4 Ways to Prepare for a Business Conference
Signing up for a professional conference can be exciting: New connections! Fresh ideas! Sage advice from experts! However, in order to benefit from all an event has to offer, you’ll want to do some prep work before attending.
“Conferences can be powerful learning and business-building events if you are prepared to take advantage of the opportunities that will be presented,” notes Dennis Favilla, a sales training and support specialist for the Sign & Graphics Division of Alliance Franchise Brands.
Follow these guidelines to make the most of your next conference.
1. Think before you sign up. “Don’t just attend a class because the speaker has a big name and will draw a crowd,” advises entrepreneur and photographer Carolyn Ann Ryan. The discussion may cover a topic you already know very well.
Instead, she recommends planning which seminars to attend by picking three goals for your business. By identifying the areas in which you want to see improvement, you’ll be able to target sessions that support your objectives.
2. Manage your schedule. “Try to plan lunches and dinners ahead of time,” Ryan suggests. Get in touch with vendors or other people you want to connect with, and set up meetings over meals. You’ll maximize your time at the conference, and you won’t end up eating alone.
3. Pack smart and sensible attire. When picking out clothes, leave the casual garb at home and dress like you’re still at work. “Remember that people will reach the conclusions about us that we lead them to, and we have great control over our professional image,” Favilla says.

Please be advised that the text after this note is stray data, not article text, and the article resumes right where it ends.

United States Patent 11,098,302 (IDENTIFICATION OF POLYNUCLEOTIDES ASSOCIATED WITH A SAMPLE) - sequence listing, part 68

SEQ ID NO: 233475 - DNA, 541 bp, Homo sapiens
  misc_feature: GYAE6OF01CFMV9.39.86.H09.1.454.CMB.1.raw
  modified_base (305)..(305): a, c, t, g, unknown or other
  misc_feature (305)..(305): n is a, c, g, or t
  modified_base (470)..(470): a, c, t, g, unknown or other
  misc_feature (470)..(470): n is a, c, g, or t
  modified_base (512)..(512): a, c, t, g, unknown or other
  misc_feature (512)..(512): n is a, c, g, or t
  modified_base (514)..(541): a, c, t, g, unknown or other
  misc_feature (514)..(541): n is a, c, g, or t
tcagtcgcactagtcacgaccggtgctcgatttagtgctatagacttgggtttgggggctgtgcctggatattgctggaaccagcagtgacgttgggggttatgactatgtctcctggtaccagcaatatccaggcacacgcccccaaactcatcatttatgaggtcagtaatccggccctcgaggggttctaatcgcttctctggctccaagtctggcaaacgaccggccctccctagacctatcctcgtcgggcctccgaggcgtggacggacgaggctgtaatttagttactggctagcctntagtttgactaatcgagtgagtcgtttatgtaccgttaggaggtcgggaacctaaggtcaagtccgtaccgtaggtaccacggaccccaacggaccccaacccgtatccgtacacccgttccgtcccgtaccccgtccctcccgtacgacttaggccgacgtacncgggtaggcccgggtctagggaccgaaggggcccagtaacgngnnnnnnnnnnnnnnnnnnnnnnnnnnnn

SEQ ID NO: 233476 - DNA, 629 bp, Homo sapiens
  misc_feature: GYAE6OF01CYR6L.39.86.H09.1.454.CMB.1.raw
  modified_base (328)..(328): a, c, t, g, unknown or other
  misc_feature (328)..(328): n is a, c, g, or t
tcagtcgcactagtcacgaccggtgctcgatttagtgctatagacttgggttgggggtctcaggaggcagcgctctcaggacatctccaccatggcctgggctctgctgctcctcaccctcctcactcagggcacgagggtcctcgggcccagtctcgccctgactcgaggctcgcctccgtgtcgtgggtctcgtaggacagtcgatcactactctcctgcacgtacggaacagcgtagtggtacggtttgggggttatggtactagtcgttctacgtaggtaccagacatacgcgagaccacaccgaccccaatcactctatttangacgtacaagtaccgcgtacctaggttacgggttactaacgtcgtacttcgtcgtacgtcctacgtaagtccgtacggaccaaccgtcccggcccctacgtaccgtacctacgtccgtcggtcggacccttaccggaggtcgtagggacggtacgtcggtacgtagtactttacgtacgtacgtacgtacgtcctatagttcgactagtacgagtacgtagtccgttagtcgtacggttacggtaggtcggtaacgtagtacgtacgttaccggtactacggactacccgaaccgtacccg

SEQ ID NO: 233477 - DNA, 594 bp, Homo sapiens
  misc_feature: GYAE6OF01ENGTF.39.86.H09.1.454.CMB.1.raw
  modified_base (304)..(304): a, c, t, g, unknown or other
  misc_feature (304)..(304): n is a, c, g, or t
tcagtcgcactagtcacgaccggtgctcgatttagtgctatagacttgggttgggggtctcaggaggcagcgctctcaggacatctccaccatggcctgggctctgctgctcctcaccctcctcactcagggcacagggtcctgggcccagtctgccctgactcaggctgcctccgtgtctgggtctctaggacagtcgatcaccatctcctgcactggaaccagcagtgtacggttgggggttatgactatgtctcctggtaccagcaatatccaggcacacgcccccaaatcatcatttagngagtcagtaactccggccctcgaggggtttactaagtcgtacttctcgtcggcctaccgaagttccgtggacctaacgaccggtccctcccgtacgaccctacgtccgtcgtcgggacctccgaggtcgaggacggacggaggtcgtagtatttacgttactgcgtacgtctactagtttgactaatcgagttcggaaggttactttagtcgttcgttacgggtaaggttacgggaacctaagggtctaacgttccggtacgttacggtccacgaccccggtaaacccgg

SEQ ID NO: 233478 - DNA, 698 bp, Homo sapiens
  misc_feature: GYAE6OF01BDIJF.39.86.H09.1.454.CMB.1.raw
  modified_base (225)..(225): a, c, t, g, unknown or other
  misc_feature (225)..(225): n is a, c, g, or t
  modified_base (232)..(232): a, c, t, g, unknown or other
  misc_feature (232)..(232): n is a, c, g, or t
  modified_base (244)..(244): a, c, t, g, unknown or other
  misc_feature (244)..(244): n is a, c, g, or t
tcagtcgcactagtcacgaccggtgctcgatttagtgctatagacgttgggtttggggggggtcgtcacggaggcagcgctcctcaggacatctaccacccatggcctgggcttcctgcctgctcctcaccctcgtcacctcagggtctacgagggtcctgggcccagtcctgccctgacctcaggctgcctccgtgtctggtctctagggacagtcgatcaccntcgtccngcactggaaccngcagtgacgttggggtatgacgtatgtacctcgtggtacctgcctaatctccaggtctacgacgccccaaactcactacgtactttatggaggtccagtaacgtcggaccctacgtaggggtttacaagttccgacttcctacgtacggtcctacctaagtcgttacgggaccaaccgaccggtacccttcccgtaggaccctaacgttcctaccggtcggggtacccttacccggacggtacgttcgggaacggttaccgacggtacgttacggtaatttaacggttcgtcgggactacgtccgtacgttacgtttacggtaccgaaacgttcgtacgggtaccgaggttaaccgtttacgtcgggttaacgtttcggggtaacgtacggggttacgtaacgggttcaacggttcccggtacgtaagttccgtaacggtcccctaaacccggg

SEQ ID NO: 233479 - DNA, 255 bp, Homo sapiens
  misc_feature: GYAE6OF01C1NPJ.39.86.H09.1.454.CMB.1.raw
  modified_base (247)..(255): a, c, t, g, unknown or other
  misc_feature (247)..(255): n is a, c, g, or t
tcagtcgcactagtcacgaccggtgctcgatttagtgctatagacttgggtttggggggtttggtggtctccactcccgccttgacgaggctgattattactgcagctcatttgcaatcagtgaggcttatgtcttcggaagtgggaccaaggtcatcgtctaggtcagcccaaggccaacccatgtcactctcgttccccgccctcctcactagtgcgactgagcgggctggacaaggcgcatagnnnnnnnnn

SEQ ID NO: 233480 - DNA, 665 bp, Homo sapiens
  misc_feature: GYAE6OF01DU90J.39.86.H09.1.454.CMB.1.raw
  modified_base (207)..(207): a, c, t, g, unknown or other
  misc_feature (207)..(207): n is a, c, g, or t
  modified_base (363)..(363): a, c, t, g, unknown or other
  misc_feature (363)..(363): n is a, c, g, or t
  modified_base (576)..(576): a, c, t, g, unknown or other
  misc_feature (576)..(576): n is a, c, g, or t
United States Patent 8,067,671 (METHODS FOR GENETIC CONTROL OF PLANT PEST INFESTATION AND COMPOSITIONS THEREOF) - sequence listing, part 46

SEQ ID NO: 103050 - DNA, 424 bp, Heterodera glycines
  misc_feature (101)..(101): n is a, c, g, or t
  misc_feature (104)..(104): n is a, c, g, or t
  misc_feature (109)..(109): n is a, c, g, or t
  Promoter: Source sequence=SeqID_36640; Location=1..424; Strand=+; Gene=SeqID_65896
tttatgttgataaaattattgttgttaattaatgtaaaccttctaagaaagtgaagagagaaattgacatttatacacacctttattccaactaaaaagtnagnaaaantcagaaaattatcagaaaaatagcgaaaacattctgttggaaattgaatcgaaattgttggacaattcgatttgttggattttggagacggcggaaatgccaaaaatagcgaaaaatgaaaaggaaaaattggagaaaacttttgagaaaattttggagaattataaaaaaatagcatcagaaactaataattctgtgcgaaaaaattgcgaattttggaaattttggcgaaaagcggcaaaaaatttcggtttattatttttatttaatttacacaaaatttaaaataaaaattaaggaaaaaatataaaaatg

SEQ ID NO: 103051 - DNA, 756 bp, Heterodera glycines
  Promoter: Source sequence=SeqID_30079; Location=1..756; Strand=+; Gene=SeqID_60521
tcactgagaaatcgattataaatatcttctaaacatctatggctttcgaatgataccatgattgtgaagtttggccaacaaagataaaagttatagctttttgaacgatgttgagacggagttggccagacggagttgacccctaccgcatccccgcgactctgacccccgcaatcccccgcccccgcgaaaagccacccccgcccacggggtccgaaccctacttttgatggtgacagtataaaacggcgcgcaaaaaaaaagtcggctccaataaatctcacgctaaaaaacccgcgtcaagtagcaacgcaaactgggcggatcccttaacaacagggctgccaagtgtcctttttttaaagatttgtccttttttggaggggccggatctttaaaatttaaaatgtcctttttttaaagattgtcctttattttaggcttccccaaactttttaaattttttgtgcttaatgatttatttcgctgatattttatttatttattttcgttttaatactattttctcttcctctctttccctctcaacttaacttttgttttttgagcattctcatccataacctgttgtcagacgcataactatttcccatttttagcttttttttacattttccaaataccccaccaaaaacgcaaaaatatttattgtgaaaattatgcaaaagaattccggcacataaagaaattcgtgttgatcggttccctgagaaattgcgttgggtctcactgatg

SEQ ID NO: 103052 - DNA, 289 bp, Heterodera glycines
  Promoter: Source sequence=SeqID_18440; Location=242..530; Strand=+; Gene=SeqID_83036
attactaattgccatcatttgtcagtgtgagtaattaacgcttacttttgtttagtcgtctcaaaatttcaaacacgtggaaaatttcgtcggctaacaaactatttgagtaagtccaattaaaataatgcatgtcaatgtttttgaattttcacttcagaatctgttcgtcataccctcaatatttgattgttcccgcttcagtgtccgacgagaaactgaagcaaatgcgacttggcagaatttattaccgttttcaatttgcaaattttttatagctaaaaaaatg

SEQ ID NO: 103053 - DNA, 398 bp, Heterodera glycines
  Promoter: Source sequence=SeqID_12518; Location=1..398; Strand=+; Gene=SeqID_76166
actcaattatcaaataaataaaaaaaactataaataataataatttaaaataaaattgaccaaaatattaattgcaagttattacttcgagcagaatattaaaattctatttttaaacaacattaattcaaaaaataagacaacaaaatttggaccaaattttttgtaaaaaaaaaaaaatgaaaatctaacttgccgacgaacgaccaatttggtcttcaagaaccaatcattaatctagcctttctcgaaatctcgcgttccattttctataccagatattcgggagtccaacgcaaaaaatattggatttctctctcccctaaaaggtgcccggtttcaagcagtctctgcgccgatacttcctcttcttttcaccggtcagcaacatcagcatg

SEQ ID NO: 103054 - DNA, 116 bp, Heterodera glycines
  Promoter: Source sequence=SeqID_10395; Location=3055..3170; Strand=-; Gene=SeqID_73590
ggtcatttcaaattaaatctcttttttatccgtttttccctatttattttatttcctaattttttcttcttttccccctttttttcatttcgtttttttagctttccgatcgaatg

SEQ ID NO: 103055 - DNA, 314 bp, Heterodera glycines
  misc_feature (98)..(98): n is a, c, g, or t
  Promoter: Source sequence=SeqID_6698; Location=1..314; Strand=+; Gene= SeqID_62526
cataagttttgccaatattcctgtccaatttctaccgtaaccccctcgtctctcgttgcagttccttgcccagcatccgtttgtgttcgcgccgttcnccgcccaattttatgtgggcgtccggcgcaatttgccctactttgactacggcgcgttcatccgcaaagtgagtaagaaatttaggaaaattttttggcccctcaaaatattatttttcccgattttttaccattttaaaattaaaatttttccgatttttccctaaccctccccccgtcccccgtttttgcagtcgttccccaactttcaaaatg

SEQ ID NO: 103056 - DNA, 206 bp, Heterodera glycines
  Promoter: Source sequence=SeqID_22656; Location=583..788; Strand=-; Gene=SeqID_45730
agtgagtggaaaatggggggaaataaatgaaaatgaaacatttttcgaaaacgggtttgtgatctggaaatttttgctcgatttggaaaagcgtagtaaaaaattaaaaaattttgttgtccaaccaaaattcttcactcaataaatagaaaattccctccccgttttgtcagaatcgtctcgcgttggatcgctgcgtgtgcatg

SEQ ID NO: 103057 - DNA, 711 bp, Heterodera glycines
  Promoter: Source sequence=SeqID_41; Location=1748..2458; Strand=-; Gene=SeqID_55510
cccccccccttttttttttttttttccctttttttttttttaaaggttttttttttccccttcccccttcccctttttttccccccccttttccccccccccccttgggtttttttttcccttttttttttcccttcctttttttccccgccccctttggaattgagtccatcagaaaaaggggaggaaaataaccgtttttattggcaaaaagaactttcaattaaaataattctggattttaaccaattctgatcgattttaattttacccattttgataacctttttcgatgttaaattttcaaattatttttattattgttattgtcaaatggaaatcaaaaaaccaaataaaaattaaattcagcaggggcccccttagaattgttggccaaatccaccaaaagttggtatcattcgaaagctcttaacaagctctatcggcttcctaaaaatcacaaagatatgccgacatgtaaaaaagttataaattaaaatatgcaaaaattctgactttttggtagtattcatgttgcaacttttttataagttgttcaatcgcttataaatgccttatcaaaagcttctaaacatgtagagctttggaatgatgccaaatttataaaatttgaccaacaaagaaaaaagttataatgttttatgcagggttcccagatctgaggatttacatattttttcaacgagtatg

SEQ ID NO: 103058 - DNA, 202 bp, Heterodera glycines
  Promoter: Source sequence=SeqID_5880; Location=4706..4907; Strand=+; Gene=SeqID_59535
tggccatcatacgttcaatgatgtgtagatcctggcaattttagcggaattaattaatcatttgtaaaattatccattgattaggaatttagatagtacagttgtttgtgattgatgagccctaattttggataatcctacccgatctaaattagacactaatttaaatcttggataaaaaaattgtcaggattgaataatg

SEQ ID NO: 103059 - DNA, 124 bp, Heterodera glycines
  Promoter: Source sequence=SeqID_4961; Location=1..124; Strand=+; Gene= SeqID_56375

Consider a pair of shoes that’s comfortable for standing and walking. “At some conferences, you may have to walk 15 to 20 minutes indoors to get from your room to the conference area and trade shows, even when you are staying at the resort hosting the conference,” Ryan notes.
4. Bring the right promotional materials. If your business card doesn’t already include your photo, consider attaching one to help others identify and remember you after the conference. In addition, keep a pen handy and take notes on the back of the cards you receive, Favilla suggests. This will help you keep better track of who’s who among your new contacts.
Practice your elevator pitch, too. By being able to quickly communicate your company’s mission or offering, you’ll find it easier to establish new connections. You can then follow up with people after the conference.
Rachel Hartman is a writer who frequently covers topics related to small businesses. Her work has appeared in The Costco Connection, Wells Fargo Conversations, Pizza Today, Bankrate.com, InsuranceQuotes.com, CreditCardGuide.com, and many other outlets.